New Yorker on “24”: Does It Say Torture Is O.K.?

200pxjoelsurnow_1In their issue next week, the New Yorker profiles Joel Surnow, right, the conservative executive producer of Fox’s “24,” in which he says, a bit flippantly, “Isn’t it bizarre that in Hollywood it’s easier to come out as gay than as a conservative?”

But much of the piece centers on the show’s depiction of torture — and whether it promotes it as an acceptable form of inducing suspected terrorists to give up information. Jack Bauer has used torture, everything from knifing suspects to threatening murder, to stunning success in stopping ticking time bombs. So last November U.S. Brig. Gen. Patrick Finnegan visited the set along with three experieced interrogators to make the case that the show promoted illegal and unethical behavior and was adversely affecting the training of real soldiers. “I’d like them to stop,” Finnegan says. “They should do a show where torture backfires.”

Surnow wasn’t at the meeting, as he was preparing for his upcoming counter to “The Daily Show” called “The Half Hour News,” which airs on Fox News on Feb. 18. But he says, “We’ve had all of these torture experts come by recently, and they say, ‘You don’t realize how many people are affected by this. Be careful.’ They say torture doesn’t work. But I don’t believe that. I don’t think it’s honest to say that if someone you love was being held, and you had five minutes to save them, you wouldn’t do it. Tell me, what would you do? If someone had one of my children, or my wife, I would hope I’d do it. There is nothing—nothing—I wouldn’t do.”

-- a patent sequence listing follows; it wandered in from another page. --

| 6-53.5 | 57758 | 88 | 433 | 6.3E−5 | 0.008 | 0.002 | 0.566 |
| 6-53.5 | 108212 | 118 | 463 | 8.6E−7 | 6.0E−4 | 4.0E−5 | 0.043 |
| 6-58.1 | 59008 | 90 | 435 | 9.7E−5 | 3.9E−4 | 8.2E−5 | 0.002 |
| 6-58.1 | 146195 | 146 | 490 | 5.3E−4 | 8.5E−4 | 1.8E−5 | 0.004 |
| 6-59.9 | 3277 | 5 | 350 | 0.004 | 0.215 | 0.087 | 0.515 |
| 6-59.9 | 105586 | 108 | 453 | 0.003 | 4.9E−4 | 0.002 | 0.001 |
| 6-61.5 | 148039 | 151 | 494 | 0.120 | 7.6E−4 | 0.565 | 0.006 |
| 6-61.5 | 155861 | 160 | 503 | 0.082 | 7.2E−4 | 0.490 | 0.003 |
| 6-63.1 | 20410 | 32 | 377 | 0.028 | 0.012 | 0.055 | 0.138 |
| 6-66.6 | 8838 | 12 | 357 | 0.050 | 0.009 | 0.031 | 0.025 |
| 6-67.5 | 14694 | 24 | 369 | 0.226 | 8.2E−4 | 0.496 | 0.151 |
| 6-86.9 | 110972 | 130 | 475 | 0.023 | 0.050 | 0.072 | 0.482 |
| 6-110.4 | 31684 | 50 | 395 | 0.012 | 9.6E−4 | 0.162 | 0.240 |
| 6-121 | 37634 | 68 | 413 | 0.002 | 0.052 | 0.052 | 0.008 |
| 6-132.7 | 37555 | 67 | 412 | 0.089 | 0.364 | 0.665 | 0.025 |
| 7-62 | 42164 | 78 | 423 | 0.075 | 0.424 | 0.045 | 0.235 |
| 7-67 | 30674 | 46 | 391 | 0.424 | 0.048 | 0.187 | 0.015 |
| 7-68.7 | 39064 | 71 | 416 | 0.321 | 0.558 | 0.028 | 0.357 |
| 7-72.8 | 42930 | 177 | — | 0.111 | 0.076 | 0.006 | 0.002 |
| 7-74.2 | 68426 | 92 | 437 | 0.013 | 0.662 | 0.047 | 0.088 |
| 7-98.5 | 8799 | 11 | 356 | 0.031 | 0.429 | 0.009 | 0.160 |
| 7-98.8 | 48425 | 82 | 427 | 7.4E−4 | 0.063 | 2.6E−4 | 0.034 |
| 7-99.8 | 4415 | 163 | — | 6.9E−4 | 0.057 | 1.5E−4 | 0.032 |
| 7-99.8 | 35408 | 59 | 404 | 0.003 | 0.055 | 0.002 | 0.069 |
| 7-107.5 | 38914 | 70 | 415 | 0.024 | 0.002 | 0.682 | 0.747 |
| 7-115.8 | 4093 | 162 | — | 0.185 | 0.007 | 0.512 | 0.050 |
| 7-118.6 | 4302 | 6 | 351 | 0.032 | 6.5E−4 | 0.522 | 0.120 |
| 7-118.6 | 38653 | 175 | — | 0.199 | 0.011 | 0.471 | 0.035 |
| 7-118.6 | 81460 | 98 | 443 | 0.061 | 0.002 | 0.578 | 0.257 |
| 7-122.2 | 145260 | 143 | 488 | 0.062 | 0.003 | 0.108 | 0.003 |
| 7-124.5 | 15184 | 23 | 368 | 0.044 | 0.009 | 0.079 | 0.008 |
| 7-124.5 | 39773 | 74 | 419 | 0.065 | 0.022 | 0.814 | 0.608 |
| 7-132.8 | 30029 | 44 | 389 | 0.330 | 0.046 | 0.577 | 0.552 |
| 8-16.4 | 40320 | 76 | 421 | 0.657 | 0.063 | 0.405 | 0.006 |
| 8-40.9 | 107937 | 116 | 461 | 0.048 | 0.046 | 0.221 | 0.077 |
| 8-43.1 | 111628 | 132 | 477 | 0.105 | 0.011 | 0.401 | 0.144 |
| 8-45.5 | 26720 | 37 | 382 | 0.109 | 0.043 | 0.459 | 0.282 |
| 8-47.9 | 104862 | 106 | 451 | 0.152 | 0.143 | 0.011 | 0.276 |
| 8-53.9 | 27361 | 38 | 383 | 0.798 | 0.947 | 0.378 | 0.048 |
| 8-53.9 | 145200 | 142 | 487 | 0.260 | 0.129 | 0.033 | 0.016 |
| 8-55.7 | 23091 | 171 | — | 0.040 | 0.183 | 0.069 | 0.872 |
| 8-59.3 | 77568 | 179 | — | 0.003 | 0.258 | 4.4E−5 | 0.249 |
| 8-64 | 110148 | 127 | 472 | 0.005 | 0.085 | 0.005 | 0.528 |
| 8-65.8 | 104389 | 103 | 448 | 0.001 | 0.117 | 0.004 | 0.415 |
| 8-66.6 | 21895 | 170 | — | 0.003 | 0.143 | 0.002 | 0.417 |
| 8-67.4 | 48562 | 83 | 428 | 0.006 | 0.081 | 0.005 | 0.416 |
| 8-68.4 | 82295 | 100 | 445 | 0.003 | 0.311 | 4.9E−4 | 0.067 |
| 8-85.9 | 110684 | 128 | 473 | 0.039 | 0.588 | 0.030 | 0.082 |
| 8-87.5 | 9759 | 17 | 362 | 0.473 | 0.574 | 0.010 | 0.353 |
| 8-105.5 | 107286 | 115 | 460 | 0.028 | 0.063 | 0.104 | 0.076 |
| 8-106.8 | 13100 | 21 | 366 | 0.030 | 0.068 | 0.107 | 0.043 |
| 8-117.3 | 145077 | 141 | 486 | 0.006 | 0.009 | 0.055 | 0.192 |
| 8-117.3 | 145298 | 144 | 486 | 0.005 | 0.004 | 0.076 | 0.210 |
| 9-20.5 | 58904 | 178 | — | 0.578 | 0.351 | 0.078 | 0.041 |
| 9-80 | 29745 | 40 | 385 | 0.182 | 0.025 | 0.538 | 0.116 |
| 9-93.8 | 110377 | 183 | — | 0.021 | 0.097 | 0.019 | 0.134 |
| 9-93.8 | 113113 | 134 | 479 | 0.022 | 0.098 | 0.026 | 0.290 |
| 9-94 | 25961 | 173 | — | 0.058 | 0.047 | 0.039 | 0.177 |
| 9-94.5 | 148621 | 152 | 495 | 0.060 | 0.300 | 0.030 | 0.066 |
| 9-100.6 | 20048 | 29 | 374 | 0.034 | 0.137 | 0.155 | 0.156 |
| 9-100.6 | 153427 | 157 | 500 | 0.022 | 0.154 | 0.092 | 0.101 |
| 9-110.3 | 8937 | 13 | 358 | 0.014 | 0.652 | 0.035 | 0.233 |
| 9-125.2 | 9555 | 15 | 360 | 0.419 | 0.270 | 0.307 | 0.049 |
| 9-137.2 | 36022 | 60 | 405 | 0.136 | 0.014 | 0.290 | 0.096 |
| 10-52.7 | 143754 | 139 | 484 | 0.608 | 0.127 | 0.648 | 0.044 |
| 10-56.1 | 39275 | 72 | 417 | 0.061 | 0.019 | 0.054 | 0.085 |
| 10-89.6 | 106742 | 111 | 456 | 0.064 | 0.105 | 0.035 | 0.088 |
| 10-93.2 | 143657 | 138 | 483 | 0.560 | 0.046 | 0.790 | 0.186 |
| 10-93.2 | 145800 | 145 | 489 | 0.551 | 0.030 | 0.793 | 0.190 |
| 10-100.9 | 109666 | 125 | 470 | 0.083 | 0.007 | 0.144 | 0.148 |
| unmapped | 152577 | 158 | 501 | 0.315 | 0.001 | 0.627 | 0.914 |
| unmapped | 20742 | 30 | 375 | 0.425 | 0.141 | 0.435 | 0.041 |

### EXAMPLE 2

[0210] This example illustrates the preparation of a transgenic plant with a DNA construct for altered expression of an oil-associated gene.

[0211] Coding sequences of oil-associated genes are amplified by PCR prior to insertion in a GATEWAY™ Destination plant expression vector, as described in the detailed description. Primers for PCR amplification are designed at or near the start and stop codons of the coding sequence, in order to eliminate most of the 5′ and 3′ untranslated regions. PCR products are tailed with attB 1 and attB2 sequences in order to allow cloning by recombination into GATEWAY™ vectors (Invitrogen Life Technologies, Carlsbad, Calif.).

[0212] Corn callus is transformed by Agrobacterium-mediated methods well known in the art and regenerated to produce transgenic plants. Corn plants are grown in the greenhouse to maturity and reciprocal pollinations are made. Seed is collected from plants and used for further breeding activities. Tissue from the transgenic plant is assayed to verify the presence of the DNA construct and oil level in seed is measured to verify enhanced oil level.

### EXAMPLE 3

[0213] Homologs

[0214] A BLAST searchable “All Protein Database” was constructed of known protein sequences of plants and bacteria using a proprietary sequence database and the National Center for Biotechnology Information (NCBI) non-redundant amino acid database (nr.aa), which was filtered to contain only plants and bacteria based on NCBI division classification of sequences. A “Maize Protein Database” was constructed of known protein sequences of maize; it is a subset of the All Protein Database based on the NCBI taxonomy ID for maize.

Kiefer Sutherland is said to be worried about the “unintended consequences of the show,” even though he didn’t agree to be interviewed for the New Yorker piece.

Writer Jane Mayer, by the way, also interviewed Surnow’s friend Rush Limbaugh, and asked him about it. “Torture? It’s just a television show. Get a grip!”

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